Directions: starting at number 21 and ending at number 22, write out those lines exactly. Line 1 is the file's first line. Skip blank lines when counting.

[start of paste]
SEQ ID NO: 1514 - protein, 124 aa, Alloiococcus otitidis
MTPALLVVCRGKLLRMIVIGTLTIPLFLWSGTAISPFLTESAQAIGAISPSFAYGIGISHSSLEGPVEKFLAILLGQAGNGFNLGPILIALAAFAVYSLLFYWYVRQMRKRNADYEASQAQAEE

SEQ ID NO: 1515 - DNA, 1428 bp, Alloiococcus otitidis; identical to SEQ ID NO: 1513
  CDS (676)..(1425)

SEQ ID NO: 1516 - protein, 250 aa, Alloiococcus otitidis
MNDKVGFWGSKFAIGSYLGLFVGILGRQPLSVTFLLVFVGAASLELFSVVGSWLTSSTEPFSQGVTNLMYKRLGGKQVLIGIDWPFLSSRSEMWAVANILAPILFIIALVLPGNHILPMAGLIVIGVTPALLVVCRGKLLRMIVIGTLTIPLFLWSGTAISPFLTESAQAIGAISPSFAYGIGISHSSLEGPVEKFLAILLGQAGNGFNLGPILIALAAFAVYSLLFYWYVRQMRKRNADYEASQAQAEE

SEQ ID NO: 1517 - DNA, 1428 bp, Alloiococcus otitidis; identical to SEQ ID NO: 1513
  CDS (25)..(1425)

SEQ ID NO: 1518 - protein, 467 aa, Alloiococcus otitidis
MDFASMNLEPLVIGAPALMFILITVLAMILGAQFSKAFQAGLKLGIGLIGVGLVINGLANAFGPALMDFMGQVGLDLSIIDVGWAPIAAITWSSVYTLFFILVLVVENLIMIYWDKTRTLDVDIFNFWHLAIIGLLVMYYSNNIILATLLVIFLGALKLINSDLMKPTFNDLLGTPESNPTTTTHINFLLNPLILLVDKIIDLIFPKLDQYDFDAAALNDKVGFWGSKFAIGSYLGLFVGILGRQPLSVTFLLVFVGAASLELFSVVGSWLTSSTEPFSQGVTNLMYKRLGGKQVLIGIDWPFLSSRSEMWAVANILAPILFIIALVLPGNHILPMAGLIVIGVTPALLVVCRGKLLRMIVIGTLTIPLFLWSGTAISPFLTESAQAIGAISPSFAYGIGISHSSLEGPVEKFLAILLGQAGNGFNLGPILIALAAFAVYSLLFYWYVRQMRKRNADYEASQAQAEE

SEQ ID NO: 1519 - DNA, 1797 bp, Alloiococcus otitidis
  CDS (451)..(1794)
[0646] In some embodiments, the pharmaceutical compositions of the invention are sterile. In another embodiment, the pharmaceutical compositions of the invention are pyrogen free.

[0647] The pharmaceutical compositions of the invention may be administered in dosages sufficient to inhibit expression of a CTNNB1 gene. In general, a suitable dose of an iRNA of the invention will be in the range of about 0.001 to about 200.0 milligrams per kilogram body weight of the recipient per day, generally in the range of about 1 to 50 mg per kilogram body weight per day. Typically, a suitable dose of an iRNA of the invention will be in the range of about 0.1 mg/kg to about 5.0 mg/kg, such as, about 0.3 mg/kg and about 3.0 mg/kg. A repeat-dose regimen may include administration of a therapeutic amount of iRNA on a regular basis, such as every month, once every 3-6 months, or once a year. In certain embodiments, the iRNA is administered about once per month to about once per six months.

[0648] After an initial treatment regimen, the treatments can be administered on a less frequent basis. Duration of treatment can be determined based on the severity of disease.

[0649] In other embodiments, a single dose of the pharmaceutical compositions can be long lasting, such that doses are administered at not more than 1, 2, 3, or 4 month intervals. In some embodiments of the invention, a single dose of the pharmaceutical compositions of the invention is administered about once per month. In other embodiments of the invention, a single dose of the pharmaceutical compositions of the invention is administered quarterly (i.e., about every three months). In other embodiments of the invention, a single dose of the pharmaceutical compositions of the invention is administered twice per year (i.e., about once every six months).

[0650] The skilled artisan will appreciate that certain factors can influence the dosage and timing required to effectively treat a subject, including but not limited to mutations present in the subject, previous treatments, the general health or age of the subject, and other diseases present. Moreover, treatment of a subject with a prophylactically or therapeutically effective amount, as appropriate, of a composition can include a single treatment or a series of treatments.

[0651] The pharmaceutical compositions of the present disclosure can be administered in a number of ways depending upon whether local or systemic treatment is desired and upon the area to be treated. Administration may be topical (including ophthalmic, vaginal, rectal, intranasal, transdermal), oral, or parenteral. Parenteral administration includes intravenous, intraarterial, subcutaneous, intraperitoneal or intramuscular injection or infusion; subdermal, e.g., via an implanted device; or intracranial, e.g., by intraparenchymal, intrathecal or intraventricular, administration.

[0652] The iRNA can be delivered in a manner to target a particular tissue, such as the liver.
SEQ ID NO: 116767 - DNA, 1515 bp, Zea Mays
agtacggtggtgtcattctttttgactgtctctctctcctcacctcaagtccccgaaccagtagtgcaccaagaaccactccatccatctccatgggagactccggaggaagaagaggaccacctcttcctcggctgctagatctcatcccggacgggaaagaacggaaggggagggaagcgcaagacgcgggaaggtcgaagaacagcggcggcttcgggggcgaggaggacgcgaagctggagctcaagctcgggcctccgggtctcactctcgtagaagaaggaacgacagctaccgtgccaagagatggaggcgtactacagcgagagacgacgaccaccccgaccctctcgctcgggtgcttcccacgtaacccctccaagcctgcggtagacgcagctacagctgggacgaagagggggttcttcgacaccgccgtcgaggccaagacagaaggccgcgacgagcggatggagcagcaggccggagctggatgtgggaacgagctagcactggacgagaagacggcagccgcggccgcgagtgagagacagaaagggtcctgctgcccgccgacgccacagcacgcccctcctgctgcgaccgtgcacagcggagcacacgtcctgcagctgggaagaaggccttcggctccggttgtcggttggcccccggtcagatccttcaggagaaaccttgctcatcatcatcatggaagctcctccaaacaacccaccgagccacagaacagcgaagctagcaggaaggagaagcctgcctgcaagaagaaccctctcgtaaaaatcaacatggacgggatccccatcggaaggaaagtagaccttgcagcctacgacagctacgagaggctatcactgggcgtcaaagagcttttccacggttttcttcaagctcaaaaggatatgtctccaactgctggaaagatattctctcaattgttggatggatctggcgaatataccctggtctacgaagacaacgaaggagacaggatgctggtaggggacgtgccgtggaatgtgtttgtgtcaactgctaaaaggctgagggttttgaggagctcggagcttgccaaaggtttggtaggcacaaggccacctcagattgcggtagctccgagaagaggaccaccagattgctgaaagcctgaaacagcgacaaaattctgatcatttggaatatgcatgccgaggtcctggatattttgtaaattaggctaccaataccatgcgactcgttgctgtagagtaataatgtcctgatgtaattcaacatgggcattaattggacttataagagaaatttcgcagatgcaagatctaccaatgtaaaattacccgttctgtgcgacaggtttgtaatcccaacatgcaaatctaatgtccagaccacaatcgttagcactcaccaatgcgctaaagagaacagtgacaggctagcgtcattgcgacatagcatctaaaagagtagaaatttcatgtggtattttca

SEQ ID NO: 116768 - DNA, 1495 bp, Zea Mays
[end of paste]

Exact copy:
agtacggtggtgtcattctttttgactgtctctctctcctcacctcaagtccccgaaccagtagtgcaccaagaaccactccatccatctccatgggagactccggaggaagaagaggaccacctcttcctcggctgctagatctcatcccggacgggaaagaacggaaggggagggaagcgcaagacgcgggaaggtcgaagaacagcggcggcttcgggggcgaggaggacgcgaagctggagctcaagctcgggcctccgggtctcactctcgtagaagaaggaacgacagctaccgtgccaagagatggaggcgtactacagcgagagacgacgaccaccccgaccctctcgctcgggtgcttcccacgtaacccctccaagcctgcggtagacgcagctacagctgggacgaagagggggttcttcgacaccgccgtcgaggccaagacagaaggccgcgacgagcggatggagcagcaggccggagctggatgtgggaacgagctagcactggacgagaagacggcagccgcggccgcgagtgagagacagaaagggtcctgctgcccgccgacgccacagcacgcccctcctgctgcgaccgtgcacagcggagcacacgtcctgcagctgggaagaaggccttcggctccggttgtcggttggcccccggtcagatccttcaggagaaaccttgctcatcatcatcatggaagctcctccaaacaacccaccgagccacagaacagcgaagctagcaggaaggagaagcctgcctgcaagaagaaccctctcgtaaaaatcaacatggacgggatccccatcggaaggaaagtagaccttgcagcctacgacagctacgagaggctatcactgggcgtcaaagagcttttccacggttttcttcaagctcaaaaggatatgtctccaactgctggaaagatattctctcaattgttggatggatctggcgaatataccctggtctacgaagacaacgaaggagacaggatgctggtaggggacgtgccgtggaatgtgtttgtgtcaactgctaaaaggctgagggttttgaggagctcggagcttgccaaaggtttggtaggcacaaggccacctcagattgcggtagctccgagaagaggaccaccagattgctgaaagcctgaaacagcgacaaaattctgatcatttggaatatgcatgccgaggtcctggatattttgtaaattaggctaccaataccatgcgactcgttgctgtagagtaataatgtcctgatgtaattcaacatgggcattaattggacttataagagaaatttcgcagatgcaagatctaccaatgtaaaattacccgttctgtgcgacaggtttgtaatcccaacatgcaaatctaatgtccagaccacaatcgttagcactcaccaatgcgctaaagagaacagtgacaggctagcgtcattgcgacatagcatctaaaagagtagaaatttcatgtggtattttca

SEQ ID NO: 116768 - DNA, 1495 bp, Zea Mays